29. This claim, like all the others, has previously been raised, fully considered, and found to be without merit in the Commissioner's Report and, thereafter, the Denial Order. This claim, like all the others, is without merit for the reasons set forth in the Commissioner's Report and Denial Order, which are incorporated herein by reference.

30. Briefly, at the prayer conference, Defendant's trial counsel requested that the charge of Arson First Degree should be reduced to the lesser included offense of Arson Second Degree. Defendant's trial counsel was successful in convincing the State and the trial court that he was, in fact, correct in his position that the charge should be reduced.

31. The court granted Defendant's trial counsel's request and agreed to amend the charge from arson first degree to arson second degree. The court ruled that after carefully looking at the charge and dissecting its elements, the State, Defendant's counsel, and the court, all ultimately agreed that Defendant could not, as a matter of law, be charged with arson first degree based on the statutory definition of the term "building."[38]

32. The court's decision to downgrade the charge from arson first degree to arson second degree was proper. Superior Court Criminal Rule 7(e) allows a charge to be amended at any time prior to verdict "if no additional or different offense is charged and if substantial rights of the defendant are not prejudiced." Under the circumstances of this case, the defendant had adequate notice of the underlying facts of the charge, there were no new elements of the offense added, the amendment was a less serious lesser-included offense of the original charge, and no additional or different offense was being charged.[39]

33. As the Delaware Supreme Court made clear in Gates v. State, [40]Delaware law is quite specific. Pursuant to 11 Del. C. § 206 (c), a lesser included offense should be charged where there is a rational basis in the evidence for a verdict acquitting the defendant of the offense charged and convicting him of the included offense.[41]

34. In the subject case, the court determined that Defendant Matos should be acquitted of the offense charged, as a matter of law, and only charged with the lesser included offense. The change from Arson First Degree to the lesser-included charge of Arson Second Degree did not substantially change the material elements of the crime. The subject case presents the type of scenario which 11 Del. C. § 206 (c) addresses.

35. A change which increases the penalty and adds material elements, such as an increase of the charge from Arson Second Degree to Arson First Degree, would not be permitted by way of amendment. But here, the amendment from Arson First Degree to the lesser included Arson Second Degree benefitted Defendant. This amendment reduced Defendant's exposure (as a habitual offender) on the Arson charge from a Class C felony, with the possibility of mandatory life, to a Class D felony, without the possibility of mandatory life. The court's decision to amend the charge from Arson First Degree to the lesser included charge of Arson Second Degree was not improper, and Defendant's counsel request that the court do so was not deficient in any respect.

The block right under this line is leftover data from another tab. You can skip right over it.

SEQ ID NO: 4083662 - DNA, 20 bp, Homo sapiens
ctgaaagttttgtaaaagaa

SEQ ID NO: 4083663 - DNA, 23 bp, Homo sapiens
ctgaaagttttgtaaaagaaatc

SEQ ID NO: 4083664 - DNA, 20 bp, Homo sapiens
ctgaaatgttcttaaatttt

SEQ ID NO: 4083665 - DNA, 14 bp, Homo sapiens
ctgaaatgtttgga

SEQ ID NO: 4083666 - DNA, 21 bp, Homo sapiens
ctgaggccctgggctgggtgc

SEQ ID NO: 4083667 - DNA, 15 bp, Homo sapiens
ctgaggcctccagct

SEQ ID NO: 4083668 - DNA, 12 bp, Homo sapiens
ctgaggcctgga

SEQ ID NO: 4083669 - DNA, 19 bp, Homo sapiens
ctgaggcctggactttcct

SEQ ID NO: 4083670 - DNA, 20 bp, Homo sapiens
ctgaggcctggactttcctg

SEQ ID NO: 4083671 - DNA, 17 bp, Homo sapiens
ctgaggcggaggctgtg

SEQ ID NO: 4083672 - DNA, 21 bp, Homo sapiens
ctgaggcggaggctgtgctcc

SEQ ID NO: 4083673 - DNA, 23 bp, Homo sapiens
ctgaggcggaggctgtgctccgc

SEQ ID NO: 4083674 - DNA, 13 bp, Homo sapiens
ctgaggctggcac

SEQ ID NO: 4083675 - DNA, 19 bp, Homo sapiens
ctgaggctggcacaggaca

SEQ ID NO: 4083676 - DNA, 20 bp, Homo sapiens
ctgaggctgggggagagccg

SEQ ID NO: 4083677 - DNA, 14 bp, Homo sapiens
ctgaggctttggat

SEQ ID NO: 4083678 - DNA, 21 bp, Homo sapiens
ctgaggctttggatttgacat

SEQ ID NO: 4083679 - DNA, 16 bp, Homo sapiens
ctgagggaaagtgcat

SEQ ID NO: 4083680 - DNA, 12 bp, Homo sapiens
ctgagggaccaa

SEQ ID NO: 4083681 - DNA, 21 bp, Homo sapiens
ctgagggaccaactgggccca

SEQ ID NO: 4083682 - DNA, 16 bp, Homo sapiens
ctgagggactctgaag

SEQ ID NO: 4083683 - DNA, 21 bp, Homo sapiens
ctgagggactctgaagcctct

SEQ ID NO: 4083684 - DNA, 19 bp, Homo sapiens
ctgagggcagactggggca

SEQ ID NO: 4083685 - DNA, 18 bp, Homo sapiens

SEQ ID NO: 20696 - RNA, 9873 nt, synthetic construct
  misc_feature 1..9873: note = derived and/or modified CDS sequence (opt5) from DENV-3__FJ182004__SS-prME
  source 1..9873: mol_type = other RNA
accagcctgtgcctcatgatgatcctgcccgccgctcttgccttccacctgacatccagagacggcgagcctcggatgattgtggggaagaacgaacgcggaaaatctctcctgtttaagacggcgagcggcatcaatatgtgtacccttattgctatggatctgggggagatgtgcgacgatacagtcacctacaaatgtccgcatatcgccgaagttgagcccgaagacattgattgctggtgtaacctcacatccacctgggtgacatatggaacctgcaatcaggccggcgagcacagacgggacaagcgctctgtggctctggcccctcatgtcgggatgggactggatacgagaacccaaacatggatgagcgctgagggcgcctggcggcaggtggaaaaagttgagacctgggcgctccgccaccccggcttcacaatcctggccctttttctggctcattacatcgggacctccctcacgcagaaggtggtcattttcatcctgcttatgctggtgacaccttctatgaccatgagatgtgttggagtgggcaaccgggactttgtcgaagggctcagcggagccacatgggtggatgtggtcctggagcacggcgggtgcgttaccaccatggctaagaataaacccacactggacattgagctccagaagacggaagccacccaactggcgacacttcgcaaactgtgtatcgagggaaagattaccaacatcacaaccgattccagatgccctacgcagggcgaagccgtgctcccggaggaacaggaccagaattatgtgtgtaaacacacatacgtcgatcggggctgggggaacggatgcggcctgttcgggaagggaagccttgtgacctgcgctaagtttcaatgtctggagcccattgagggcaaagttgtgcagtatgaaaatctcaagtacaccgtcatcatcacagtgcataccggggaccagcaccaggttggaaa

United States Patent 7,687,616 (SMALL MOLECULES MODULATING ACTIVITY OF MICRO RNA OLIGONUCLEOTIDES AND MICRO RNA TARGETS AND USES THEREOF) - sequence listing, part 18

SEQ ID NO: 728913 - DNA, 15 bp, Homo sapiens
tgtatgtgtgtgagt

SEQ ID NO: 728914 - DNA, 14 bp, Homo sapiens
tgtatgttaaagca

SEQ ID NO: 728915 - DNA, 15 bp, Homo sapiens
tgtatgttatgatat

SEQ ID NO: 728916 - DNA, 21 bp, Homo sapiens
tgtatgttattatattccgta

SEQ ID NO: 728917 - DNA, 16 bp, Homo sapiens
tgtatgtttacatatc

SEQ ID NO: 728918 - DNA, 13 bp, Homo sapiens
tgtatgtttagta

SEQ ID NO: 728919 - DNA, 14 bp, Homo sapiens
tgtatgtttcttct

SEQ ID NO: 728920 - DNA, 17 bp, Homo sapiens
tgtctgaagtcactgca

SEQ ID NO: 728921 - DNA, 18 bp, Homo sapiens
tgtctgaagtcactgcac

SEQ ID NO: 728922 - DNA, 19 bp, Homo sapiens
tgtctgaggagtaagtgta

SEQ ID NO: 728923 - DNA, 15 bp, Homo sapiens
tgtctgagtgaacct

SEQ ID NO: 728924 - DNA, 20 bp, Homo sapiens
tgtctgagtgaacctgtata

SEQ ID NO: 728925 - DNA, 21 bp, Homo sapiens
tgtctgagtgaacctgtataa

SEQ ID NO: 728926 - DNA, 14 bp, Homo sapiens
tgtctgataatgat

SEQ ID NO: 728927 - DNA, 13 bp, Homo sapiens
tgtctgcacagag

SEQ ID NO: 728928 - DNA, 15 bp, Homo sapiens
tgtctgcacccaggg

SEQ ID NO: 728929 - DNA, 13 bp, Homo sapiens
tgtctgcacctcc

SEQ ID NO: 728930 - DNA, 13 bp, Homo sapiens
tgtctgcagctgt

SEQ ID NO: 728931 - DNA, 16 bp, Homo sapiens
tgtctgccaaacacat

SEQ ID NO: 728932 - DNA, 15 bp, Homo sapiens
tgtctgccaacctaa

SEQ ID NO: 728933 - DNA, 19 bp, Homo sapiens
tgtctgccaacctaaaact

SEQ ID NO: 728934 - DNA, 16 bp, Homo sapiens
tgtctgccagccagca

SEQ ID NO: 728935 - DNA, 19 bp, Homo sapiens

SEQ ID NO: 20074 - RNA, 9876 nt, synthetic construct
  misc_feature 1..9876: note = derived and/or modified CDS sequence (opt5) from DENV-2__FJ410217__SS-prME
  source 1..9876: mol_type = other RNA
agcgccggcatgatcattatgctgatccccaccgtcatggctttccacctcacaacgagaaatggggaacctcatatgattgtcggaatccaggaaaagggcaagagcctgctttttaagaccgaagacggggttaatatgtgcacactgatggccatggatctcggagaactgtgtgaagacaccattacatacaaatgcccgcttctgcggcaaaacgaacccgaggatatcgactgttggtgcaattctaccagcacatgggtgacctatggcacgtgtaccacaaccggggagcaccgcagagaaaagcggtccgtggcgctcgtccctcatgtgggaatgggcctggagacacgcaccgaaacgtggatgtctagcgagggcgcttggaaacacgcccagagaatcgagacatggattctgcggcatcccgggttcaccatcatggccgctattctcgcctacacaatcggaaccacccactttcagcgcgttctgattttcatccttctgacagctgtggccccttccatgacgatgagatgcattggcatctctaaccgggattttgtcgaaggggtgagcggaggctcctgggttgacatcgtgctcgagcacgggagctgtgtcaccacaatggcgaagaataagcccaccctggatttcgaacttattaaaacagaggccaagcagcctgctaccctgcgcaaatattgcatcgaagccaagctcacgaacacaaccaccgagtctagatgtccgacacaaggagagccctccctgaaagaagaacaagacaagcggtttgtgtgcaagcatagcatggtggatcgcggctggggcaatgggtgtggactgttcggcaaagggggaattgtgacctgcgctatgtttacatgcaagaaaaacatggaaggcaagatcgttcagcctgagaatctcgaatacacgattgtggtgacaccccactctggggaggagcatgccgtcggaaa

36. Defendant still faced the charge of Burglary Second Degree which also carried the possibility of mandatory life. Defendant's trial counsel was also successful in convincing the jury that Defendant should not be found guilty of Burglary Second Degree. Instead, the jury convicted Defendant of the lesser included offense of Criminal Trespass. Consequently, defense counsel was successful in eliminating Defendant's exposure to a mandatory life sentence under Arson First Degree and Burglary Second Degree.

37. In order to prevail on an ineffective assistance of counsel claim, Defendant must meet the two-pronged Strickland test by showing that: (1) counsel performed at a level "below an objective standard of reasonableness" and that, (2) the deficient performance prejudiced the defense.[42] The first prong requires the defendant to show by a preponderance of the evidence that defense counsel was not reasonably competent, while the second prong requires him to show that there is a reasonable probability that, but for defense counsel's unprofessional errors, the outcome of the proceedings would have been different.[43]

38. Mere allegations of ineffectiveness will not suffice; instead, a defendant must make and substantiate concrete allegations of actual prejudice.[44] There is a strong presumption that counsel's conduct fell within a wide range of reasonable professional assistance.[45]

39. Defendant's claims that his counsel provided ineffective assistance are undermined by the record and fail to satisfy Strickland. The downgrade in the arson charge from first degree to second degree was not improper. The conduct of defense counsel does not appear to be deficient in any respect nor has Defendant shown any actual prejudice allegedly as a result thereof.

40. The court has reviewed the record carefully and has concluded that Defendant's Rule 61 motion is without merit and devoid of any other substantial claims for relief. The court is also satisfied that Defendant's Rule 61 counsel made a conscientious effort to examine the record and the law and has properly determined that Defendant does not have a meritorious claim to be raised in his Rule 61 motion.

For all of the foregoing reasons, Defendant's Motion for Postconviction Relief should be denied and Defendant's counsel's motion to withdraw should be granted.

IT IS SO RECOMMENDED.